According to the Water and Wastewater Systems Sector analysis conducted by the U.S. Department of Homeland Security, there are 16,000 municipal wastewater treatment plants (WWTPs) in the US. Additionally, there are another 18,000 WWTPs in Europe according to EurEau. Continue reading “The one tip for an efficient wastewater treatment plant: Go digital”
Ecosystem services are defined as services provided by nature to humans. This straightforward definition suggests a passive role for humans as receivers of the outputs of nature. However, there is also an active role for people to play in providing these services. Continue reading “How can humans contribute to ecosystem services?”
With rapid urban population growth, water utilities worldwide are more than ever facing pressing challenges to preserve the hydraulic perfomance and water quality of already strained water distribution networks and infrastructure. Continue reading “How real-time modelling supports a proactive water network operation”
Digitalisation is a term and process that is frequently stumbled upon in business settings. At its core, one could argue that digitalisation refers to the use of digital technologies to provide new valuable and important opportunities. But how does digitalisation play a role in the operation of wastewater treatment plants (WWTPs)? Which positive impacts can digitalisation have on the Water Industry? Continue reading “Wastewater treatment: How can Digital Twin modelling play a crucial role in WWTP operations?”
Today, cities all over the world are dealing with a range of global pressures such as rapid urban growth, severe climate changes and aging infrastructure to provide safe and resilient water supply, collect sewage, secure a minimum spill of untreated water and reduce risks of flooding. Because of these challenges, cities experience difficulties in finding efficient and sustainable ways to manage water. Continue reading “Why an integrated approach is the key to unlocking value in urban water management”
As water is seen as one of the world’s most precious resources, providing enough water with appropriate quality and quantity may be considered as one of the most important challenges in human history.
The world is, as we speak, experiencing serious growth in urban population. This, together with water scarcity and shortage due to climate changes, are creating massive challenges for urban water management. Continue reading “Water distribution: How new technologies can help preserve and improve drinking water quality”
Heavy rainfall and floods impose considerable consequences to communities and infrastructure, resulting in death or injury, affecting livelihood, damaging roads, property, water networks and more.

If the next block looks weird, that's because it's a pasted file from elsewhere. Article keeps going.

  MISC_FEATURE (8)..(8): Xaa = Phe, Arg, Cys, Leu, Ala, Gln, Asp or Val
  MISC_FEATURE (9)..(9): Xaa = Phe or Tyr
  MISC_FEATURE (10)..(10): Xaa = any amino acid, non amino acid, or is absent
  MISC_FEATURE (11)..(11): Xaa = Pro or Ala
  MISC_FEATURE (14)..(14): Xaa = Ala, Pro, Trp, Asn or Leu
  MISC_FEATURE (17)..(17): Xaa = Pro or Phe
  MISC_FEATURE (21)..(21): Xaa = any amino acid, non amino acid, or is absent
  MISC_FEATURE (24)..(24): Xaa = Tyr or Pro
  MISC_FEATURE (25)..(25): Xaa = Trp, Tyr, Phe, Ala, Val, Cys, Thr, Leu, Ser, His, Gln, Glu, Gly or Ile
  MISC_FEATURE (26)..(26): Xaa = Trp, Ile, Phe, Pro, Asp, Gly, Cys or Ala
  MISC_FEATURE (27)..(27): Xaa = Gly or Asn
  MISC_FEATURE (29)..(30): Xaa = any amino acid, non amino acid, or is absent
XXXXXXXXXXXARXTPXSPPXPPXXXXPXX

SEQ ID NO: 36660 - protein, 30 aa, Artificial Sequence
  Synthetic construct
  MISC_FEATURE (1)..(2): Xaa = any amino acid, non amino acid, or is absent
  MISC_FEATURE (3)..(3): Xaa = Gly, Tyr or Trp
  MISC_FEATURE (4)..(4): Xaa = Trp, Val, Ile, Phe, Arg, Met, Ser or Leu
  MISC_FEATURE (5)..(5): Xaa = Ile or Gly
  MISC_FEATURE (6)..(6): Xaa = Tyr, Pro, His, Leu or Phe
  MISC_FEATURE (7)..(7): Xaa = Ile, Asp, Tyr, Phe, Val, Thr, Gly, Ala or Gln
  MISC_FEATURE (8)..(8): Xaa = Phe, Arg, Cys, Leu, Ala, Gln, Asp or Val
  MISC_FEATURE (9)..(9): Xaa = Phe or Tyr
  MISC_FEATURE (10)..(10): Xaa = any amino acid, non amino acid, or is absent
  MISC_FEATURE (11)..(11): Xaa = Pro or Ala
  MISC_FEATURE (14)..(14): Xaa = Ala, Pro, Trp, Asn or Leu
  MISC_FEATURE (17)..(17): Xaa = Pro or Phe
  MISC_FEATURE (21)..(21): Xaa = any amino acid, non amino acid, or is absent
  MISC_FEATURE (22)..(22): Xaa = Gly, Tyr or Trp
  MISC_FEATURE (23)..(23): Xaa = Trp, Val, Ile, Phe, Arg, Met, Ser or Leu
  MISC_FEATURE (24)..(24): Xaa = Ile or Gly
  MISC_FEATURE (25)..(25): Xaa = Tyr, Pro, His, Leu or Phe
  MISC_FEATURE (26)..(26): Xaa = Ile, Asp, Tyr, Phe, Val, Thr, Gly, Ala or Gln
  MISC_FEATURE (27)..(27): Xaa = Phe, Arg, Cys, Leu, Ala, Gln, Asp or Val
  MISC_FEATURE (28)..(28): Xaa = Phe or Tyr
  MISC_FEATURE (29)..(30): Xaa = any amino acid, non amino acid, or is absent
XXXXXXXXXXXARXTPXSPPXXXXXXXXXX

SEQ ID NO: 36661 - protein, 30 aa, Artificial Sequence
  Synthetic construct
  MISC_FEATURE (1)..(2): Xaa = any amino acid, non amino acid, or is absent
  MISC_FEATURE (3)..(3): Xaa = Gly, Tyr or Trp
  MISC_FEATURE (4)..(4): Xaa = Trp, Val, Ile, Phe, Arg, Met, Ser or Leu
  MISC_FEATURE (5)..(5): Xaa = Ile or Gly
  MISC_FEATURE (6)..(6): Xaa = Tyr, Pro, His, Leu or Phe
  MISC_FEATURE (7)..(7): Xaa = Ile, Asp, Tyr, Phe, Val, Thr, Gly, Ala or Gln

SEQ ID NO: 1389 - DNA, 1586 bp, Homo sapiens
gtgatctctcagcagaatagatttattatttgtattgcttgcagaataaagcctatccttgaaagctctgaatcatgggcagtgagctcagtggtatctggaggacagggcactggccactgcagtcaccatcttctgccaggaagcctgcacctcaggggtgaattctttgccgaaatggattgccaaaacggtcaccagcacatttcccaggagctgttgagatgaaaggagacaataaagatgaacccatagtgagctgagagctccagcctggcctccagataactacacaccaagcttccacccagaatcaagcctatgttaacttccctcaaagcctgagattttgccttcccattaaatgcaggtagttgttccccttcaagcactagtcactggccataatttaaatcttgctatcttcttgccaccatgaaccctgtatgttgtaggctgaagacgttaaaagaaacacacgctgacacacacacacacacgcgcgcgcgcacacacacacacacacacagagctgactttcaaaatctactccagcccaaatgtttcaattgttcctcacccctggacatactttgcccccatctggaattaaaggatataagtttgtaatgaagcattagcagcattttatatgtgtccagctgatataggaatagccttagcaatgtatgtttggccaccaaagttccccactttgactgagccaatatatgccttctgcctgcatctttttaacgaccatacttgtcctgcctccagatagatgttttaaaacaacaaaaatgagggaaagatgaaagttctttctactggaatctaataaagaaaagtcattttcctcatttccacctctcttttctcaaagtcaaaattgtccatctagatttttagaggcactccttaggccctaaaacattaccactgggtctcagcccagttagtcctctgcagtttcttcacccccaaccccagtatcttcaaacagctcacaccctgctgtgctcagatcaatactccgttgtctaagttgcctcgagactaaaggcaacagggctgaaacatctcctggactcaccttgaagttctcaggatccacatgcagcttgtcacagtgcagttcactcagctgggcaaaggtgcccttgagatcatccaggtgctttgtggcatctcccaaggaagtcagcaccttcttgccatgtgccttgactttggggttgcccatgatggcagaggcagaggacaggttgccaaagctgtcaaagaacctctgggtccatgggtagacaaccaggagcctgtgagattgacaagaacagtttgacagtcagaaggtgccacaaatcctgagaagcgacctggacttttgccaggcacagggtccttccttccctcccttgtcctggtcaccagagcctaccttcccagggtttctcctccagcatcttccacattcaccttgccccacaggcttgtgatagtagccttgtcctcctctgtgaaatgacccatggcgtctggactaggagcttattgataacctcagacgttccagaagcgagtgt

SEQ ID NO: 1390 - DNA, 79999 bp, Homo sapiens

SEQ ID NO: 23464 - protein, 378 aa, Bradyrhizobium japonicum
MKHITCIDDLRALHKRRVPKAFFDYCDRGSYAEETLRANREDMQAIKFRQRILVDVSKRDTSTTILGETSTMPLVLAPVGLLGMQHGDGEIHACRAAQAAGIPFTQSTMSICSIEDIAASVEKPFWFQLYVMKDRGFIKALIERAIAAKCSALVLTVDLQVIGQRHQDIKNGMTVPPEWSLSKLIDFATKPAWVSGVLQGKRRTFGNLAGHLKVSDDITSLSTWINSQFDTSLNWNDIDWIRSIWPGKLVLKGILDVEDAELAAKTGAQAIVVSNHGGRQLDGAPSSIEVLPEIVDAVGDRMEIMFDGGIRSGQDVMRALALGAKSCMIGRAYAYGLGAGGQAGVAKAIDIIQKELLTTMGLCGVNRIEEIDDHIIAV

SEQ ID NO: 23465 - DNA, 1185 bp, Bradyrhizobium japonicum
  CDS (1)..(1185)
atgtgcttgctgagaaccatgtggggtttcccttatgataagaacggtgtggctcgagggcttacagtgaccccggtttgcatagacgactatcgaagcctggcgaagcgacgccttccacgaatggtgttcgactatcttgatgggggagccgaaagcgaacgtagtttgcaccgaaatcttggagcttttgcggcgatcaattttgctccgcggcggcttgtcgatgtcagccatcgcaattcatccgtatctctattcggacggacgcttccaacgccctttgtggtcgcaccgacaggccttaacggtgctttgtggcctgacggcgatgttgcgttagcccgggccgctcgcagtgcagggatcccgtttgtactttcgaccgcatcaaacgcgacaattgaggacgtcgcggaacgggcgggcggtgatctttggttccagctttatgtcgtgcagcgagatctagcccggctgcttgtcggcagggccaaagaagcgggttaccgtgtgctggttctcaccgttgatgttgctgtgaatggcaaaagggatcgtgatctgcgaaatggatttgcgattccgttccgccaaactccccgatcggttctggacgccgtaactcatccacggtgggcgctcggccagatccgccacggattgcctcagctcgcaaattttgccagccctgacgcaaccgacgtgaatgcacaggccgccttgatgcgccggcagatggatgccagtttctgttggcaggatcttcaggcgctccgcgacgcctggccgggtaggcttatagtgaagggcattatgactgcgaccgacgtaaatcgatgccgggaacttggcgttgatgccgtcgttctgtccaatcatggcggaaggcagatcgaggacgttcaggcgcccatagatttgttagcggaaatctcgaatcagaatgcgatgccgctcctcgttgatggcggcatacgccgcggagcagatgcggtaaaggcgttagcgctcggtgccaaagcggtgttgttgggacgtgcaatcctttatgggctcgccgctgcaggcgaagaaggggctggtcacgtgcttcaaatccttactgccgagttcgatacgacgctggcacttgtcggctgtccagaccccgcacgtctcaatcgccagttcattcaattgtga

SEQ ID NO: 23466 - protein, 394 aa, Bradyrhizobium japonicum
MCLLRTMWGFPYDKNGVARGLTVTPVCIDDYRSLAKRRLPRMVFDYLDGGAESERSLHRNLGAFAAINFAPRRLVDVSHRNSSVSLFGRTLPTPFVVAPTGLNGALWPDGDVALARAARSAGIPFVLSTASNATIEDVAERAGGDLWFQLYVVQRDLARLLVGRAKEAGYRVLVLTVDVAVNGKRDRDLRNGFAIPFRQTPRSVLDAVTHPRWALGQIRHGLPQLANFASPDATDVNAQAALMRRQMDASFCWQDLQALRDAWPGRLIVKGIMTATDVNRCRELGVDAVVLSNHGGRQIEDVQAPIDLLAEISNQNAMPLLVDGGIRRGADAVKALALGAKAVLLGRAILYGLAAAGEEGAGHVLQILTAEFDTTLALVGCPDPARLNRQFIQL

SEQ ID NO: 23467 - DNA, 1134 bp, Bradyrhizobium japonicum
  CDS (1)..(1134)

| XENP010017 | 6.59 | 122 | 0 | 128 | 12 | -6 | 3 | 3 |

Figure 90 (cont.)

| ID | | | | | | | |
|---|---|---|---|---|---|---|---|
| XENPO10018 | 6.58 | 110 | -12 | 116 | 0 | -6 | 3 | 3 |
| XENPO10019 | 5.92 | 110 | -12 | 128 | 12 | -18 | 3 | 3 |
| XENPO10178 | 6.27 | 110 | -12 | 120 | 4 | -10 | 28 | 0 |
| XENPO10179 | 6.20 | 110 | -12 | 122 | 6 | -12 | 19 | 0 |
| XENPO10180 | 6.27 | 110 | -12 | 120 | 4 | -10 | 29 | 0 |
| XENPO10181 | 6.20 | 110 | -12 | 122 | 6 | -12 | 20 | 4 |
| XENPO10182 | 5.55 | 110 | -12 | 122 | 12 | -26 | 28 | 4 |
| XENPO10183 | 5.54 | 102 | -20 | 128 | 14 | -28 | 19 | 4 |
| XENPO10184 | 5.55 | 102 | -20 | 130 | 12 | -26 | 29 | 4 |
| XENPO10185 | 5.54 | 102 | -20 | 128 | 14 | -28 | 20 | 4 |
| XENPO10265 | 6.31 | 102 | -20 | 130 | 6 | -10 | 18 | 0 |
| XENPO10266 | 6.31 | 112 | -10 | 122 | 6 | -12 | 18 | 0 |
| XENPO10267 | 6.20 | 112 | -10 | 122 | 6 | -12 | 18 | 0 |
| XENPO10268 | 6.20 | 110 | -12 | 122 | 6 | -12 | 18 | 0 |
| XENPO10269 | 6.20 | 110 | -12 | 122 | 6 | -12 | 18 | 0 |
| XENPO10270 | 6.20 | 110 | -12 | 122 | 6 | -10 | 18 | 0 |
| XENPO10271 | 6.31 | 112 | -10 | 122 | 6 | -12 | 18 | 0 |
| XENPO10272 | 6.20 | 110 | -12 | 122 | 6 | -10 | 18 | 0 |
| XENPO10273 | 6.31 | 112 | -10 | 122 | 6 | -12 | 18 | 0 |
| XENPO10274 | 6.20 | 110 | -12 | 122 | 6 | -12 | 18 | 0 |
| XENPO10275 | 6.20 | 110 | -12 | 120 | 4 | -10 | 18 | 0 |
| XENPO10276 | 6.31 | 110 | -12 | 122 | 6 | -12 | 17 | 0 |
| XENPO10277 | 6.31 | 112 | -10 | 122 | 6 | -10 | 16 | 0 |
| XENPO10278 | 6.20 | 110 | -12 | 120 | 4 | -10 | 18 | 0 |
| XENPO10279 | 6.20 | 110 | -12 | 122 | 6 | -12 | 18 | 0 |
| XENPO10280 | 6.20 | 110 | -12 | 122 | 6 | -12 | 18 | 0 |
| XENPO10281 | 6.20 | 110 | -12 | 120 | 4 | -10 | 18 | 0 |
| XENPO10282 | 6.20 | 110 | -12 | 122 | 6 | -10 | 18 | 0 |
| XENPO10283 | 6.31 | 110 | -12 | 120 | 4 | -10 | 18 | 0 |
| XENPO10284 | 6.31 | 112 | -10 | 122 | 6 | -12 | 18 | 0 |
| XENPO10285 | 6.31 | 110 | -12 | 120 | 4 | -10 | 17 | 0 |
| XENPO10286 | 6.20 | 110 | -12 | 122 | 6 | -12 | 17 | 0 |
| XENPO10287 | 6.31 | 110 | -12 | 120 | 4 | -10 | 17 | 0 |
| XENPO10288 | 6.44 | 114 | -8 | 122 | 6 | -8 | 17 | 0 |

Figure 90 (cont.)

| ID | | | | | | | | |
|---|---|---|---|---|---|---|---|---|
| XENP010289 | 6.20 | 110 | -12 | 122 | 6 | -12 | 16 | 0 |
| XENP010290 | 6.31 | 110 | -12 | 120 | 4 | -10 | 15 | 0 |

According to a United Nations report, in the ten years from 1995 to 2015, floods accounted for 43% of all documented natural disasters, affecting 2.3 billion people, killing 157,000 and causing US$662 billion in damage. The UNESCO World Development Report further states that climate change, increasing population, loss of wetlands and rising sea levels are expected put 2 billion people at risk of flood disasters by 2050. Continue reading “How Cloud solutions can help cities predict flash floods more accurately”
High leakage levels, inefficient pipe network maintenance, customer complaints and financial losses are some of the top challenges of water utilities. Many of these troubles can be effectively countered – if you know how to nip the problem at the bud by dealing with the issue of non-revenue water (NRW).
NRW is water that has been produced but cannot be billed. The loss can be the result of leakage or overflow (sometimes referred to as physical losses), theft of water or inaccurate metering (also known as apparent losses), or free use (for example, for firefighting). Calculations suggest that more than US$14 billion is lost every year by water utilities around the world due to NRW. The World Bank recommends that NRW should be less than 25% of the total water produced, while in many countries NRW is up to 60%. High levels of NRW are detrimental to the financial viability of water utilities and pose an extra burden on paying customers. Continue reading “Ways to permanently reduce non-revenue water levels”
Global warming, rising sea levels and rapidly growing cities are placing immense pressure on coastal cities, towns and subsistence communities. The U.S. Population Reference Bureau estimates that almost 6 billion people will be living within 200 kilometres of a coastline by 2025 – close to double the number in 2003. Population growth – along with sea level rise compounded by storm surges and increased rainfall intensity due to climate change – are the key reasons for the increase in coastal flooding and the degradation of our coastal regions and ecosystems today. Continue reading “Best practices for successful coastal flooding adaptation”
Stormwater ingress to a city’s sewer system through low gully traps, illegal connections, broken pipes or unsealed manholes is known as Inflow and Infiltration (I&I). This can cause overflows, system strains and interruptions.
What is Inflow & Infiltration? Inflow: Stormwater that enters the wastewater network directly through gully traps, roofs or illegal connections. Infiltration: Stormwater or groundwater that enters the wastewater network through cracked pipes and leaky or faulty manholes.